Lancia Kappa

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Lancia Kappa
Lancia Kappa front 20110130.jpg
Overview
Manufacturer Lancia
Also called Lancia K
Production 1994-2000
Assembly Saloon:
Rivalta plant, Turin, Italy[1]
Coupé:
Chivasso, Italy (Maggiora)[2]
Estate:
Turin, Italy (Pininfarina)[3]
Designer Ercole Spada at I.DE.A Institute (saloon)
Centro Stile Lancia (Coupe)
Pininfarina (Estate)
Body and chassis
Class Executive car
Body style 4-door saloon
5-door estate
2-door coupé
Layout FF layout
Platform Type E[4]
Related Alfa Romeo 166
Powertrain
Engine Petrol:
2.0 L turbocharged I4
2.0 L I5
2.0 L turbocharged I5
2.4 L I5
3.0 L V6
Diesel:
2.4 L turbodiesel I5
Transmission 5-speed manual
4-speed automatic[5] AISIN or Z.F.
Dimensions
Wheelbase Saloon/estate: 2,700 mm (110 in)
Coupé: 2,580 mm (102 in)[6]
Length Saloon/estate: 4,687 mm (184.5 in)
Coupé: 4,567 mm (179.8 in)[6]
Width Saloon/estate: 1,826 mm (71.9 in)
Coupé: 1,830 mm (72 in)[6][7]
Height Saloon/estate: 1,462 mm (57.6 in)
Coupé: 1,425 mm (56.1 in)[6]
Curb weight 1,425 kg (3,142 lb)-1,580 kg (3,483 lb)[5]
Chronology
Predecessor Lancia Thema
Successor Lancia Thesis
Lancia Kappa rear side.

The Lancia Kappa (Type 838) is an executive car produced by Italian automaker Lancia. It replaced the Thema as Lancia's flagship model in 1994 and was itself replaced by Lancia Thesis in 2001. It shared its platform with the Alfa Romeo 166 and was available as a saloon, estate or coupé. The Kappa was only available in left-hand drive, as Lancia pulled out of right-hand drive markets after the demise of the Thema.

Kappa is the tenth letter of the Greek alphabet. Greek letters have frequently been used to denote Lancia models. Back in 1919, Lancia had already produced a Kappa (and its later evolutions called Dikappa and Trikappa),[5] but these are far less known nowadays than the 1990s Kappa. In writing, Lancia often referred to the Kappa simply as the k (lower case "k"), which is fairly similar to the original Greek letter κ.

The Kappa was not particularly popular, with only 117,216[8] made in total. Italy remained Kappa's most important market, absorbing the bulk of sales. It is also worth noting that in Poland, where Fiat Auto is the biggest domestic car manufacturer, Kappas served as official government cars (replacing Themas). This boosted the Kappa's profile in that country and gave it a peculiar cachet, which is why the Kappa enjoys a solid enthusiast base there.[7]

Autocar's Peter Robinson reviewed the Kappa in November 1994.[9] He commented on the car's bland styling which was justified by Fiat's Paolo Cantarella on the basis that the designers didn't want to create too much "visual noise." The body was reported as having twice the torsional rigidity of the outgoing Thema. It was 15% stiffer than any of its rivals. The automatic Aisin-Warner gearbox was shared with the Volvo 850. Robinson went on to say "the Kappa´s dimensions ensure a commodious interior, the impression of space only heightened by a low cowl and very Japanese-looking fascia, somewhere between a Honda NSX and Lexus LS400." Rear cabin room was described as "immense" but the cushion was criticised for being too flat, a fault rectified in later iterations of the car. Robinson criticised the "horrid mock wood with which Lancia frames the prominent central console that runs from the handbrake, up the full length of the dash and over the top." About the driving characteristics, Robinson wrote: "If Lancia quietened the starter motor, this would be one refined drivetrain...with no hint of any 5-cylinder unevenness." The 2.4 litre engine tested appeared to have been tuned for low-end torque, a characteristic of this Alpine brand. The engine was praised by Robinson for its "smooth responsiveness" and "torque steer has been eliminated...and the Servotronic steering is terrific, with just the right degree of self-centering." His summary of ride and handling was that car was better than average but not class-leading: "On the Lancia there is too much body roll and the front grip in the wet didn´t inspire confidence."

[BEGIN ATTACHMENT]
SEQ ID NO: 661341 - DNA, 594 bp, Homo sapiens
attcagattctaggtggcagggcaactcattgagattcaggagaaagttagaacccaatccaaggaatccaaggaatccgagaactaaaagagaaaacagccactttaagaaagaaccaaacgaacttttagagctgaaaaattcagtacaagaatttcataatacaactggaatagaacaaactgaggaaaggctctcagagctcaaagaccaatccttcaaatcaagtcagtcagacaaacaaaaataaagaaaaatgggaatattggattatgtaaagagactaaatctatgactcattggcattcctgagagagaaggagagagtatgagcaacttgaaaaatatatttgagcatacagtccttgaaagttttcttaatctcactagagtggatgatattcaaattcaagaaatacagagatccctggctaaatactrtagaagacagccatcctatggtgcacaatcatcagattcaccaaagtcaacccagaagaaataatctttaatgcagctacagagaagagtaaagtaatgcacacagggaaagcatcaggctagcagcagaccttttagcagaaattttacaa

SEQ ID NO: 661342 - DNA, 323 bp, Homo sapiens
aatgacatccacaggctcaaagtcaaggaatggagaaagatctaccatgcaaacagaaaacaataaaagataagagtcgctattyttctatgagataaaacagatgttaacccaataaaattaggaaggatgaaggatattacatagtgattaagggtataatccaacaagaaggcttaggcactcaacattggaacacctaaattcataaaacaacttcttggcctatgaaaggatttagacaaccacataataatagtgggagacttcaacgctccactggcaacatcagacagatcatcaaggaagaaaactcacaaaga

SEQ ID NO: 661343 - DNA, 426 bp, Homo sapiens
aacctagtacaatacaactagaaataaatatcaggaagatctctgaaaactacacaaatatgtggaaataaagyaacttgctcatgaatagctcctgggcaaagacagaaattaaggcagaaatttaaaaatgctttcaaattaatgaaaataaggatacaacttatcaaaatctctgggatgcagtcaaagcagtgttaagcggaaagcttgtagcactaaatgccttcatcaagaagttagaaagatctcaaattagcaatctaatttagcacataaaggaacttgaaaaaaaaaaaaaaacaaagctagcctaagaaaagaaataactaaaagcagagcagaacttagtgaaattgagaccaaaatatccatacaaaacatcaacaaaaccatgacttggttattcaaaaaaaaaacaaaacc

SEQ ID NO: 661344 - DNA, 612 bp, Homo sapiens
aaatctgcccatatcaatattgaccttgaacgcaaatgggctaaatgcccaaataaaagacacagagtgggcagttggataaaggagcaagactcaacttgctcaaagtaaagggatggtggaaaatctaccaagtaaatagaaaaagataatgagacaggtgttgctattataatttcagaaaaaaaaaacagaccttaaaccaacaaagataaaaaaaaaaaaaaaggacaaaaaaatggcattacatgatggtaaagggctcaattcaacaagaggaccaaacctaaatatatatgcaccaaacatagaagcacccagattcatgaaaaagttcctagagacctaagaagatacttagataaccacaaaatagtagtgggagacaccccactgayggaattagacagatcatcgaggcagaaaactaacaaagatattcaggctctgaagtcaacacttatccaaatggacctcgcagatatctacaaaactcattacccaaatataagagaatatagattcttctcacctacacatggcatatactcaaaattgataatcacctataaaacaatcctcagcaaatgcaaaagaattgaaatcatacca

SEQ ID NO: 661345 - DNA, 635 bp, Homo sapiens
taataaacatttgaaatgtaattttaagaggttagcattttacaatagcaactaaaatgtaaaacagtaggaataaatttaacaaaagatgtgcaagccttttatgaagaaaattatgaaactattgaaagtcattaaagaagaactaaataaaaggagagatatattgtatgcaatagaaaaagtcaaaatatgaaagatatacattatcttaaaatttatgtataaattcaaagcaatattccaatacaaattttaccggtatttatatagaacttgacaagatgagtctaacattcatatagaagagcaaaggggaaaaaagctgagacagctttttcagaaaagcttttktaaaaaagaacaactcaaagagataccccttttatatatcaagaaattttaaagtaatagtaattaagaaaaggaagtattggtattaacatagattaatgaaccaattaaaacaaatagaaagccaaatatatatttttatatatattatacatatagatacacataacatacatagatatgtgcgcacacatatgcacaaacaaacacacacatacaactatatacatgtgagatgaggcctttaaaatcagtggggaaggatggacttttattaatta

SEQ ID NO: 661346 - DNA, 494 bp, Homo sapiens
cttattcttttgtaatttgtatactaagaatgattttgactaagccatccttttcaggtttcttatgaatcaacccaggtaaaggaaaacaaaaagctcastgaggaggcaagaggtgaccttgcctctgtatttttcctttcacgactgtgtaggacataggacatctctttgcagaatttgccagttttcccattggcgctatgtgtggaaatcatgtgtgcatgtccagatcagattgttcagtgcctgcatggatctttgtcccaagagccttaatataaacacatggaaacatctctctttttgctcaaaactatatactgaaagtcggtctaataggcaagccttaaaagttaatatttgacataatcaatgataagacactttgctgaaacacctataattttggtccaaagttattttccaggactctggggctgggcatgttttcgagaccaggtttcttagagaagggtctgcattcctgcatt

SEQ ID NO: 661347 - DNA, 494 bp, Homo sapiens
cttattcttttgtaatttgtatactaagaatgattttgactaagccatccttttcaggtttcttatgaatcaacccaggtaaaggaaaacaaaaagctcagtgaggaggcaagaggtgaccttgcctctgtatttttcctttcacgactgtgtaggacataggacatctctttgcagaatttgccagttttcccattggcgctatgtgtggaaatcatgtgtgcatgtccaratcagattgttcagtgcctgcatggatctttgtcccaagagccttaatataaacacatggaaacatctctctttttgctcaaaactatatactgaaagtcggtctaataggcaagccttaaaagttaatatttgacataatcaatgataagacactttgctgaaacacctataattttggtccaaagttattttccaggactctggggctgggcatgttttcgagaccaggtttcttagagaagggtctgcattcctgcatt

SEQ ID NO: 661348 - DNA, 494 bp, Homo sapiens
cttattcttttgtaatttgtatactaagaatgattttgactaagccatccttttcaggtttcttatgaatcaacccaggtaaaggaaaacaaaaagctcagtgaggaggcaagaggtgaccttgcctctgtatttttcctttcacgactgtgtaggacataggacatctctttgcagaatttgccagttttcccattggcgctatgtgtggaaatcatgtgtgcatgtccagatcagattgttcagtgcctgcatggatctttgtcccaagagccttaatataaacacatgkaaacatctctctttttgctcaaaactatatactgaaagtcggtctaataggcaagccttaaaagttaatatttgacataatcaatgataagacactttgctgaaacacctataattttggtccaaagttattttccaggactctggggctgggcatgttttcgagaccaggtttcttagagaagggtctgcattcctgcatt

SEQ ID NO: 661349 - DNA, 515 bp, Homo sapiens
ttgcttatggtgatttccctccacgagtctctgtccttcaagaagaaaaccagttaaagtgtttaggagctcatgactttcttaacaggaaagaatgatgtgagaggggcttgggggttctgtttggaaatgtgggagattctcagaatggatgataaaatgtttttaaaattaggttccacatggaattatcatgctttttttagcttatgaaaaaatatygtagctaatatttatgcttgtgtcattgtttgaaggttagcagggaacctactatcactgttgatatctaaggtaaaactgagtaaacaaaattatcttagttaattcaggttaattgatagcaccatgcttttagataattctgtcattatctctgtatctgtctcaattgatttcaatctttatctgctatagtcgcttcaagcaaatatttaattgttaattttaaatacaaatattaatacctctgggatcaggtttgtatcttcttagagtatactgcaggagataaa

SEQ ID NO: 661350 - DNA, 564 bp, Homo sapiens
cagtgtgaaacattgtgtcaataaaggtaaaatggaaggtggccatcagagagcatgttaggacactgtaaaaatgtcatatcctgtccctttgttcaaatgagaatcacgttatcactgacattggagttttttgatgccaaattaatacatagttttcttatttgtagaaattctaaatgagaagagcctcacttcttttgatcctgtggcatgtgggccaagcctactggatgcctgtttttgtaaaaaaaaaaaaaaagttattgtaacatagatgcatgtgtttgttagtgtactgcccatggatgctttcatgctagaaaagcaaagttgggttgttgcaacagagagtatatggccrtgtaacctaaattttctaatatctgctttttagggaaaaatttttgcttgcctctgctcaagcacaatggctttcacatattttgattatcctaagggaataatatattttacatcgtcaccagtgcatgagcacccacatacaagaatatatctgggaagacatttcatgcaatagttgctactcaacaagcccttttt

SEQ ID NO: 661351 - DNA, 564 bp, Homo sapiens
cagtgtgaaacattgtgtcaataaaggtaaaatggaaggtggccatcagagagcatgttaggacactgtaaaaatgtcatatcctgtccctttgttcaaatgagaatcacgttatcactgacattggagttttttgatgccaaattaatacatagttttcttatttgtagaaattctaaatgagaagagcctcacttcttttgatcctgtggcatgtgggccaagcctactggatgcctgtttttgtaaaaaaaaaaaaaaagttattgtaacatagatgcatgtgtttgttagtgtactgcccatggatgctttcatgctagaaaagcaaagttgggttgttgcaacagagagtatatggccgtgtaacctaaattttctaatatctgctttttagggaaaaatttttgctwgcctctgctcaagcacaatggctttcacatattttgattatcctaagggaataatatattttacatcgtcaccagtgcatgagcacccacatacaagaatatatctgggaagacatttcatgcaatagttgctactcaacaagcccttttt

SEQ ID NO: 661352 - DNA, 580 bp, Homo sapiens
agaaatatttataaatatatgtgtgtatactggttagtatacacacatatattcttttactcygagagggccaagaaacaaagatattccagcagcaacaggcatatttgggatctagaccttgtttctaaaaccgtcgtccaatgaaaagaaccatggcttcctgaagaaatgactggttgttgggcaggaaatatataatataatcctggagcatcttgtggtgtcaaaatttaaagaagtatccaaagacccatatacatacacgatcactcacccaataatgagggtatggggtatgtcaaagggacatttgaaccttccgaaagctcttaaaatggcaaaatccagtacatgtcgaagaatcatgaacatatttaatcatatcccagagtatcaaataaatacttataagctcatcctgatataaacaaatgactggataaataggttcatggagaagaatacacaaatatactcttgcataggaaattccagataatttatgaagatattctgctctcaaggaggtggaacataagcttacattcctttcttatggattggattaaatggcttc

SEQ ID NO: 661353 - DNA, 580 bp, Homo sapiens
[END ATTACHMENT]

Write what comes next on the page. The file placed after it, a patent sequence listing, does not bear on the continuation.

Model history[edit]

  • 1994 - Kappa production begins.
  • 1996 - An estate car joins the lineup. The naturally aspirated 2.0-litre gasoline engine is fitted with a variable geometry inlet manifold. Inside the cabin, the seats are replaced by a new design, including new upholstery patterns.
  • 1997 - The coupé is launched, while at the same time, some changes are made to the interior, trunk, suspension and engine bay, as well as new alloy wheels.
  • 1998 - The 2.0 L turbocharged four-cylinder engine gets replaced by the five-cylinder, while the turbodiesel was upgraded to a JTD engine. The bumper guards, previously black, are changed to body-coloured, and the base trim level, LE, is dropped, leaving only the more lavish LS and LX. At the same time, a special trim level is introduced for the turbocharged gasoline engine, called simply the "Turbo", distinguished by the lack of chrome decals around the window frames. The interior materials are also upgraded across the lineup, including the addition of a leather-wrapped steering wheel and front central armrest.